§ Mr. Norman Fowler (Nottingham, South)
I have little to add to what the hon. Member for Liverpool, West Derby (Mr. Ogden) has said.
The curious rule to which the hon. Gentleman has referred affects not only the Pharmaceutical Society, of which I also have the honour to be one of the parliamentary advisers, but other professional bodies. I think that the Monopolies Commission said that there were 300 professional non-profit-making bodies in this country. It is curious that the 1209 law allows a trading company to carry over profits on the sale of, say, its headquarters and to devote the entire proceeds to the purchase of new headquarters, but that this form of exemption is not open to a professional body. That means that, for example, as I understand the position, if the Law Society wanted to move from Chancery Lane, or the British Medical Association wanted to move from Tavistock Square, or the Institute of Chartered Accountants wanted to move from Moorgate Place, they would also be caught by the rule and have to pay capital gains tax on the proceeds of the sale. The amounts involved in possible payment of the tax may run into several hundreds of thousands of pounds, and this may very much affect the planning of many professional societies.
It seems peculiarly unjust that the Pharmaceutical Society, which is moving out of the building entirely to facilitate the extension of the British Museum and to fit in with the Government's plans, should be penalised in that way. The rule has a very serious potential effect upon other professional societies. I very much hope that my hon. Friend will be able to give us some encouragement on this point.
§ Mr. Patrick Jenkin
I am grateful for the moderate way in which the hon. Member for Liverpool, West Derby (Mr. Ogden) and my hon. Friend the Member for Nottingham, South (Mr. Fowler) have raised the matter. It has come to the attention of Treasury Ministers only in the past few days, as the hon. Member for Liverpool, West Derby, acknowledged, which has made it a little difficult to give it the attention which clearly we should have liked to give it, in view of the case they have put before the House.
The legal position seems pretty clear. The professional body in question, the Pharmaceutical Society, and the other bodies mentioned by my hon. Friend are not charitable bodies. If they were charities, there would be no question of liability to capital gains tax.
The Pharmaceutical Society was incorporated by royal charter. Like the other bodies, it is non-profit-making and, therefore, in respect of the activities between its members there is no taxable profit. But these bodies, for the purposes of the corporation tax, are treated as companies, and as such are liable to tax on their 1210 investments like any other body. Equally, they are liable to the capital gains tax. The hon. Member for West Derby referred several times to exemption from capital gains tax——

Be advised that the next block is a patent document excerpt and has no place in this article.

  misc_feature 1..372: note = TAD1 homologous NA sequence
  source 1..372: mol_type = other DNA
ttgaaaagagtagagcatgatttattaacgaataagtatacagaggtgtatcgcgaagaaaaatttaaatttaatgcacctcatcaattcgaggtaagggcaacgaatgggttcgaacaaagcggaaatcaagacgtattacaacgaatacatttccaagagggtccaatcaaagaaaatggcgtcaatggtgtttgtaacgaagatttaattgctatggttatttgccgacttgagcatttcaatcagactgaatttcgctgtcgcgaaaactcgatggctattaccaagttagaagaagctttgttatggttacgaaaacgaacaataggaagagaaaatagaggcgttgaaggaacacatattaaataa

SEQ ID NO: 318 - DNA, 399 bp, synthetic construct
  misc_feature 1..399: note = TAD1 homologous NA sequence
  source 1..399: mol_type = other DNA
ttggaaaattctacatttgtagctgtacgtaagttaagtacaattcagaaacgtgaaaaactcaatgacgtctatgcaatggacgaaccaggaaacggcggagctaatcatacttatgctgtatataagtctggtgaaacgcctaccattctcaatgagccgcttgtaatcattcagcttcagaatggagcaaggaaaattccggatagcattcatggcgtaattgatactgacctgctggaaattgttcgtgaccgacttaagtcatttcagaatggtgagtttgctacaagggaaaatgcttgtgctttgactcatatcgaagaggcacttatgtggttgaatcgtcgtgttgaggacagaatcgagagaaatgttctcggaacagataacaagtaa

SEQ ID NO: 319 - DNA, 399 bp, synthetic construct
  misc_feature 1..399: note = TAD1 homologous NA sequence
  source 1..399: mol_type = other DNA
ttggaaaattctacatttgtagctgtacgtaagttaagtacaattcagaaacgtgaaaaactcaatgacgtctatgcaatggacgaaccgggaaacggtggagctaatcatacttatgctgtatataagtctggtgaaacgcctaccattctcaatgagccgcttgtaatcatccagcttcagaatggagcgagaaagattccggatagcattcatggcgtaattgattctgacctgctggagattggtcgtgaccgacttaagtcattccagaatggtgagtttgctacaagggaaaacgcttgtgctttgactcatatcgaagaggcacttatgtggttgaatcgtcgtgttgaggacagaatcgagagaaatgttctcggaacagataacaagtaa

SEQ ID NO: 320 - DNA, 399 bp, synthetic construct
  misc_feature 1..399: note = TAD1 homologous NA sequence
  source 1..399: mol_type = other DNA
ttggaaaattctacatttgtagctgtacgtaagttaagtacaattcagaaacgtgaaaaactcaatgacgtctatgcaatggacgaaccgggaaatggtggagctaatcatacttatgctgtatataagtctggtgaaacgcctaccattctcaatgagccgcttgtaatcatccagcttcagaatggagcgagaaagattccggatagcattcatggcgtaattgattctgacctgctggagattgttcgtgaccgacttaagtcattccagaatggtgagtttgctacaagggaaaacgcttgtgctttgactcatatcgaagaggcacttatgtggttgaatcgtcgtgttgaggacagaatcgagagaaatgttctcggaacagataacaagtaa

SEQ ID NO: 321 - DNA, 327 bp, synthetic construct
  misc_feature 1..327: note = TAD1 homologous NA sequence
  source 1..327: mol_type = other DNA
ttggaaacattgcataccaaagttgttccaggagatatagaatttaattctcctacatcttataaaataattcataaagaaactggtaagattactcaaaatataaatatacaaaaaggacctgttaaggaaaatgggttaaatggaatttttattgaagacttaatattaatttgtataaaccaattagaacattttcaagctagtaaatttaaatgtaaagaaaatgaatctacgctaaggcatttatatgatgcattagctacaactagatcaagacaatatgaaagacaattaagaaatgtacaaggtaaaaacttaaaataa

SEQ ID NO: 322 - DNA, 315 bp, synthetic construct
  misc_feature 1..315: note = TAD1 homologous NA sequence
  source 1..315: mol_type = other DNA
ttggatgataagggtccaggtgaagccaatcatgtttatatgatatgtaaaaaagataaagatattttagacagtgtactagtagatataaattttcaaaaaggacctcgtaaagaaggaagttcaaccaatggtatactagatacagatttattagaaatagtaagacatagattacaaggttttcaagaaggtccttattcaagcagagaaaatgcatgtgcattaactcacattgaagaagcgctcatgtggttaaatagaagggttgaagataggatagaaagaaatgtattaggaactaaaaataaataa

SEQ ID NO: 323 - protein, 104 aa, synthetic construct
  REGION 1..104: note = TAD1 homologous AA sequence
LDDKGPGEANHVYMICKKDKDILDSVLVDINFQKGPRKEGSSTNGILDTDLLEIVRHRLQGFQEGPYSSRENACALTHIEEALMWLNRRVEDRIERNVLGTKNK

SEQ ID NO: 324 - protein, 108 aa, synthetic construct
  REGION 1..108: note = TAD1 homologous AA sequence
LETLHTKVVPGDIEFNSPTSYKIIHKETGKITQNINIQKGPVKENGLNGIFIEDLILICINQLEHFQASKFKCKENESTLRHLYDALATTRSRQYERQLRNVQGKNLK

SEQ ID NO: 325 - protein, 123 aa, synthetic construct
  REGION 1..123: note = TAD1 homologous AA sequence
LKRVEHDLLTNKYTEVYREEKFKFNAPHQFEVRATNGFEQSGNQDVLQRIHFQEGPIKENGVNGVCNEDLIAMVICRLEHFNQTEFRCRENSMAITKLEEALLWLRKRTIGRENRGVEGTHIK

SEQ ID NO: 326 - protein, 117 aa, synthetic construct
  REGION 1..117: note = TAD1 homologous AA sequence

§ Mr. Ogden
I quoted two examples. I understand that if an industrialist carrying on normal industrial activities disposed of one factory to obtain a larger factory, the whole of the proceeds of the sale of the first factory could be used to pay for the new one, and he would be exempt. Similarly, a householder selling one house and using the whole of the proceeds to buy another for himself would also be exempt.
§ Mr. Jenkin
With respect, it is not an exemption. In the case of the industrialist, the capital gains liability is rolled over into the new assets. I apologise for the jargon, but one talks rather glibly of roll-over relief. That was what my hon. Friend was asking for—it was suggested that professional bodies which are not charities and are, therefore, liable to tax should nevertheless be entitled to the same treatment as though they were businesses fully liable to tax on all their profits.
The householder exemption is different. A householder is not liable; he is genuinely exempt from capital gains tax in respect of a house where he lives. The business roll-over is much more analogous to what the hon. Gentleman and my hon. Friend are seeking, where a firm sells one asset and invests the proceeds in another, and we have eased the rules in this very Finance Bill for businesses. Thus, they are not now confined to getting roll-over relief when the assets are assets of the same class—that is to say, buildings, plant and machinery, ships, aircraft, hovercraft and so on.
Nevertheless, the roll-over relief applies under the law as it stands only to traders, and the rationale behind that is simply that a business should be entitled to preserve its capital intact when it merely changes an investment from one asset to another. But a professional society really represents, although it has statutory duties and is incorporated by Royal Charter, the sum of its members, and if the members were owners of the asset in question there would be no doubt that they would be charged to capital gains 1211 tax on the appreciation in value of the asset from April, 1965, to the date of the sale. It therefore does not make any difference if the members, as it were, are incorporated by charter and form a professional body of this sort. A professional body is still a society and is not carrying on business. It is not a trader in the accepted sense. It is a body which owns property and, like any other body, is subject to the normal law of the land in relation to capital gains tax liability.